For individuals who take supplements to boost their energy when they exercise or to lose weight, it may be a good idea to know the ingredients that are in them.
U.S. Sen. Charles Schumer has asked the U.S. Food and Drug Administration to ban popular dietary supplements that contain quantities of BMPEA, or beta-methylphenethylamine, a powerful stimulant.
Schumer, D-N.Y., cited that the drug may be addictive and closely resembles amphetamine, which is known to cause a range of health problems such as increased blood pressure, heart problems, sleep issues, stroke and other complications.
The senator warned that consumers were knowingly deceived by some of the dietary supplement companies and insisted that those behind these products need to face legal action.
Schumer also raised concerns that the potentially dangerous ingredient is not listed on the product labels, which means that consumers may not know that the supplement they chose has an addictive stimulant. He also lashed out the FDA for its failure to protect the public from being exposed to these types of danger.
"It would be bad enough if this were going on without the FDA catching wind of it, but the truth is that the FDA has known about it for two years and done nothing," the senator said.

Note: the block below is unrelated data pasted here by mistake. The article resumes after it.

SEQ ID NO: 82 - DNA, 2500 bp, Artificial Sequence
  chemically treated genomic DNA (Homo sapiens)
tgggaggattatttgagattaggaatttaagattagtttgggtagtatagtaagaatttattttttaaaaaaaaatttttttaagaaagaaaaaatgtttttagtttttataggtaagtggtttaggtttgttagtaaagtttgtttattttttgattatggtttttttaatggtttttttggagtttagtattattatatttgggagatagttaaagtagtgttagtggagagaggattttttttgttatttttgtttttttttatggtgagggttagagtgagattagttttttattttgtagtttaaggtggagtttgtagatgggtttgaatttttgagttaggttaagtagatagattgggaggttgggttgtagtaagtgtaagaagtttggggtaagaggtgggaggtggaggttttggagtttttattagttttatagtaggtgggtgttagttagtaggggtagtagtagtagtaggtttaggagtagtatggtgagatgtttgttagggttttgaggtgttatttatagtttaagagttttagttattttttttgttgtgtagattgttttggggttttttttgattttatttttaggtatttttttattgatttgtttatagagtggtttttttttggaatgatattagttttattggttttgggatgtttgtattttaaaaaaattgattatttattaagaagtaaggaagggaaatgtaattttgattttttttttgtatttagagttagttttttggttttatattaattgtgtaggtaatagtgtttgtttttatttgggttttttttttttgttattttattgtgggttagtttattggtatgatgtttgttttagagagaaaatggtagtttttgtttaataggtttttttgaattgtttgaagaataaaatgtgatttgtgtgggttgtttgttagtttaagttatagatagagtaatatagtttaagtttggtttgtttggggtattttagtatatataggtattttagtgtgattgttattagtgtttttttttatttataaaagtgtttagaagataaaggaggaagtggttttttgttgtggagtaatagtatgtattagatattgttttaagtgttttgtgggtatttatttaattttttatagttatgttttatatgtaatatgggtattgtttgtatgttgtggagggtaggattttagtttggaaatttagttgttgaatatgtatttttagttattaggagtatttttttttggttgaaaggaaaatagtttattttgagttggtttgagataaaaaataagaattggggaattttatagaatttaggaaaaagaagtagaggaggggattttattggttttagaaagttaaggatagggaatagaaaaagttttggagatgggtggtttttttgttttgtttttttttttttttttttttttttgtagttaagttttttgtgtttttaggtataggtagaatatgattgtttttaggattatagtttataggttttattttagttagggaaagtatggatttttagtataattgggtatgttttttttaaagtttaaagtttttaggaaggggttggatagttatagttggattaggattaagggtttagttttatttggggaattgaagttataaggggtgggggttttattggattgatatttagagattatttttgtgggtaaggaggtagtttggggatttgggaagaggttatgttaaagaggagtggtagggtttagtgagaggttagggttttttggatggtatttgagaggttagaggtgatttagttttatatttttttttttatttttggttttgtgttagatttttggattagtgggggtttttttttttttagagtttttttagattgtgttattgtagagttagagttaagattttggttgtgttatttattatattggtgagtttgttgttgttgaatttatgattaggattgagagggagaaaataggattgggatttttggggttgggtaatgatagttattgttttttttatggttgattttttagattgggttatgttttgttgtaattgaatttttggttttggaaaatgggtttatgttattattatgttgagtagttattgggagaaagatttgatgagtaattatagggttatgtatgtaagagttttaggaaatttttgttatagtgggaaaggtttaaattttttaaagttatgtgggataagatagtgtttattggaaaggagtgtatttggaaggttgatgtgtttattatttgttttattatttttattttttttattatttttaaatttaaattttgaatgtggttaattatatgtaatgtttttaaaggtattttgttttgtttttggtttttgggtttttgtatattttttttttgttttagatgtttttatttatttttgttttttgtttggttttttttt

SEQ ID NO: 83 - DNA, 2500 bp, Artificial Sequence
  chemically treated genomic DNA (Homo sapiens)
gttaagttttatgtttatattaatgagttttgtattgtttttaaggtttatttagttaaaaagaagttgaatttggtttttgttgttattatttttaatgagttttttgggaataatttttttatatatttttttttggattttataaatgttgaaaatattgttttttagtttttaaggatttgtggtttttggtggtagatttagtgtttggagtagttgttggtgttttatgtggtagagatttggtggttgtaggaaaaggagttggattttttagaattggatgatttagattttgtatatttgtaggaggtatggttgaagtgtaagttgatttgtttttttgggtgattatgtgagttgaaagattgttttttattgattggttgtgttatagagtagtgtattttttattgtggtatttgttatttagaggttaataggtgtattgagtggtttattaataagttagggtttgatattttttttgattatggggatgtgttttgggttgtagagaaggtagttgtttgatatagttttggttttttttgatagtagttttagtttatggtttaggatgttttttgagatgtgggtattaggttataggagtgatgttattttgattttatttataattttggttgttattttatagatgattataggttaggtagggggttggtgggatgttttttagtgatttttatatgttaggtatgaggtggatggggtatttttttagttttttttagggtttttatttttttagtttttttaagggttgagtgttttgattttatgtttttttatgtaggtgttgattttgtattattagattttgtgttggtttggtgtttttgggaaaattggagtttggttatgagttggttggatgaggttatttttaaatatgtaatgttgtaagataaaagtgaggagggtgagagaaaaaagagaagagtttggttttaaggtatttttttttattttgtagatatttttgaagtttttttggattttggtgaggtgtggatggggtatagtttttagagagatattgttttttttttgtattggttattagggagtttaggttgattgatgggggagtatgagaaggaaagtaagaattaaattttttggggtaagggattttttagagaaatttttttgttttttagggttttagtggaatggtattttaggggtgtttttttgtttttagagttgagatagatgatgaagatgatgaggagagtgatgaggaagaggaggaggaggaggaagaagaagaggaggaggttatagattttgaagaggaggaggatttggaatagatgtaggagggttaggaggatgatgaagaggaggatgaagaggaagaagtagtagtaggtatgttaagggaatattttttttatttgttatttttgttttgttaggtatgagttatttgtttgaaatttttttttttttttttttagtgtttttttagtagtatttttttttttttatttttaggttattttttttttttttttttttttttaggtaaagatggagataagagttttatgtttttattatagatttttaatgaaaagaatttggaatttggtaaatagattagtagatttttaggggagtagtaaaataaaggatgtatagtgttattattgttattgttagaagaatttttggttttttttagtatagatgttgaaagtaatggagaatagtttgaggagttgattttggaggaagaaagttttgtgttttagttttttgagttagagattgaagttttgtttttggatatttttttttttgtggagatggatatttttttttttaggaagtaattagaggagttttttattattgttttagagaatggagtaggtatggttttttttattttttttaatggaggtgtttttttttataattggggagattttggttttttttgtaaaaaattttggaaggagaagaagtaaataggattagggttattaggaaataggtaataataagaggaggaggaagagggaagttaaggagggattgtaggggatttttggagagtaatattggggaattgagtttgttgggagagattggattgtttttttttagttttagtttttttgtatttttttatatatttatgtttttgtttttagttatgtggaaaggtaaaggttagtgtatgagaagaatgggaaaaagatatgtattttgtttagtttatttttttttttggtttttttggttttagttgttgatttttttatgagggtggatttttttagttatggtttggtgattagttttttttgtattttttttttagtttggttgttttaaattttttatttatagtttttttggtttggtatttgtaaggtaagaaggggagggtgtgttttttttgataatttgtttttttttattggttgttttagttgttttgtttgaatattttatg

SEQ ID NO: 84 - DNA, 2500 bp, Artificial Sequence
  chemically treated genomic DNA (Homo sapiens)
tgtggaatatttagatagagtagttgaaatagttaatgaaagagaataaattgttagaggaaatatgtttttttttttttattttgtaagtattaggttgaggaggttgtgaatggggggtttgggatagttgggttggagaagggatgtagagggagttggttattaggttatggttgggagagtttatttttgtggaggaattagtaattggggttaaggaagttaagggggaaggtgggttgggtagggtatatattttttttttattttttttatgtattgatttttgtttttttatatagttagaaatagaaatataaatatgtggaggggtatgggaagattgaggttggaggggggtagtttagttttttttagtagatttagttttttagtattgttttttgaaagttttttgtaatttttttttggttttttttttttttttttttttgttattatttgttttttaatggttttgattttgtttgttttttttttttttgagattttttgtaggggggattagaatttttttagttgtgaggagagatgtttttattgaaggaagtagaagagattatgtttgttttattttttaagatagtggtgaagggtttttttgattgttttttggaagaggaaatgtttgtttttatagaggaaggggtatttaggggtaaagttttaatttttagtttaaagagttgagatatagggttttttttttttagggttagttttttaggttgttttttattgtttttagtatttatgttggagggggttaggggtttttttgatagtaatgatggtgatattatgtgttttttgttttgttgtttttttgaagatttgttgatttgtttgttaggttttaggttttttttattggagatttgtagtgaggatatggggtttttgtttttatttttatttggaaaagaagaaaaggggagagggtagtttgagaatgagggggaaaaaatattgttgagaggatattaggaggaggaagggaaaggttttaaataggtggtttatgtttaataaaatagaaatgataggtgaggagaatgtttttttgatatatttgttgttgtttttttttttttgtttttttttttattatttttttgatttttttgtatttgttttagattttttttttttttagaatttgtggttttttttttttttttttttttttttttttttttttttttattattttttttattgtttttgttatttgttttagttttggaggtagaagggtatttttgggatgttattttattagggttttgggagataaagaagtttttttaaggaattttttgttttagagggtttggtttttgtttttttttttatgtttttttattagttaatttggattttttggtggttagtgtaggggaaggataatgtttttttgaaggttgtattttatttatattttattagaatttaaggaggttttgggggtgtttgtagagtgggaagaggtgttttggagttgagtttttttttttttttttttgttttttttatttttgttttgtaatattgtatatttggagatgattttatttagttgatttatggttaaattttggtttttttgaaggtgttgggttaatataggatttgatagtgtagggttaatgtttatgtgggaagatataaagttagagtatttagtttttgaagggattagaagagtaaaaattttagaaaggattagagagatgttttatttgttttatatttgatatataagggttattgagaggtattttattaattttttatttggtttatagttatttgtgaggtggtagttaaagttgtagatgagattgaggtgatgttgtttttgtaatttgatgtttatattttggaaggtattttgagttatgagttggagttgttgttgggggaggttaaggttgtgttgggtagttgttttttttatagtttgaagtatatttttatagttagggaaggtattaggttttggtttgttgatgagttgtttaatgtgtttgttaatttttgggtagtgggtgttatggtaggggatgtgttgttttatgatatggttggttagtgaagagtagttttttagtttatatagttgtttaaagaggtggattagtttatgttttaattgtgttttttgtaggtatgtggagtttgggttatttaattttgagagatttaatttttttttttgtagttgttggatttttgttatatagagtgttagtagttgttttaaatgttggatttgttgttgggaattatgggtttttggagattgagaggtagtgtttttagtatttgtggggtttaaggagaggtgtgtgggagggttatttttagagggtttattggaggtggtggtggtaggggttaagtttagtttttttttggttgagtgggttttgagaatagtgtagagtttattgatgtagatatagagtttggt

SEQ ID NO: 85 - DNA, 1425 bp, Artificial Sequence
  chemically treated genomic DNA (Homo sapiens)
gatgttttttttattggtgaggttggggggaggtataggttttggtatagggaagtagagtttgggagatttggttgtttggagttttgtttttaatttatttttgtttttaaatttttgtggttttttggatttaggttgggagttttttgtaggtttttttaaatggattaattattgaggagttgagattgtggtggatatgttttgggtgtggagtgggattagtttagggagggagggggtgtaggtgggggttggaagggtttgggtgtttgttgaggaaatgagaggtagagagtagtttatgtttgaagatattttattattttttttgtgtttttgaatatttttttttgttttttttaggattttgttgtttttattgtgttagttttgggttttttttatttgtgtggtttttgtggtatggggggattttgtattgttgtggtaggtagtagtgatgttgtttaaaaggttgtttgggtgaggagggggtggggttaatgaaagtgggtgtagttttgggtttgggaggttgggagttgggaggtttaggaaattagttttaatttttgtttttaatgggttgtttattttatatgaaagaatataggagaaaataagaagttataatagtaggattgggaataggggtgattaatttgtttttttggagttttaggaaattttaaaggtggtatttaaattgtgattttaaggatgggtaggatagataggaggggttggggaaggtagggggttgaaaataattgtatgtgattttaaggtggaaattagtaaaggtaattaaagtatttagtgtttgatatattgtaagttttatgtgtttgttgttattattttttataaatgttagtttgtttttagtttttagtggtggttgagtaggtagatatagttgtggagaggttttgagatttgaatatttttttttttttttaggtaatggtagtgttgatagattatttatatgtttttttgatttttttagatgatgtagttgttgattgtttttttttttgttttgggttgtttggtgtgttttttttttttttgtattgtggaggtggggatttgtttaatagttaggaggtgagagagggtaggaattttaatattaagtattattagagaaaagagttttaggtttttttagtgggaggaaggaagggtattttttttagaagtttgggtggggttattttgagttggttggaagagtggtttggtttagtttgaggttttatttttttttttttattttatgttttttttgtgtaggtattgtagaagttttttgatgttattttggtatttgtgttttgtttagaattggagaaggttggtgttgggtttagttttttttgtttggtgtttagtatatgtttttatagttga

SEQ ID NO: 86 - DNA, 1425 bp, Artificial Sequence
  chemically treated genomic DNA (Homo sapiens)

The chemical is also marketed as a natural botanical called "Acacia Rigidula" and that products such as Black Widow, JetFuel T-3000, and Dexaprine XR all have BMPEA.
"The FDA has all the proof it needs to exercise their authority and take these dietary and workout pills off store shelves, but consumers still know none of the risks," Schumer said. "The FDA's report showing that widely used dietary supplements contain a hidden, hazardous chemical is jaw-dropping. The FDA should ban these tainted supplements immediately and make sure the companies involved are held accountable."
The senator wants to recall products containing BMPEA that are still on store shelves, joining in efforts of other public officials that advise the U.S. Department of Health and Human Services to ban over-the-counter dietary supplements which contain BMPEA.
An FDA spokesperson said that currently available information on the BMPEA-containing products did not find a particular safety concern at the time.
"If we determine that regulatory action is appropriate at a later time, the FDA will consider taking such action to protect consumers."
Although the substance is untested and may possibly pose real danger to health, it does not yet have specific FDA control or regulation.
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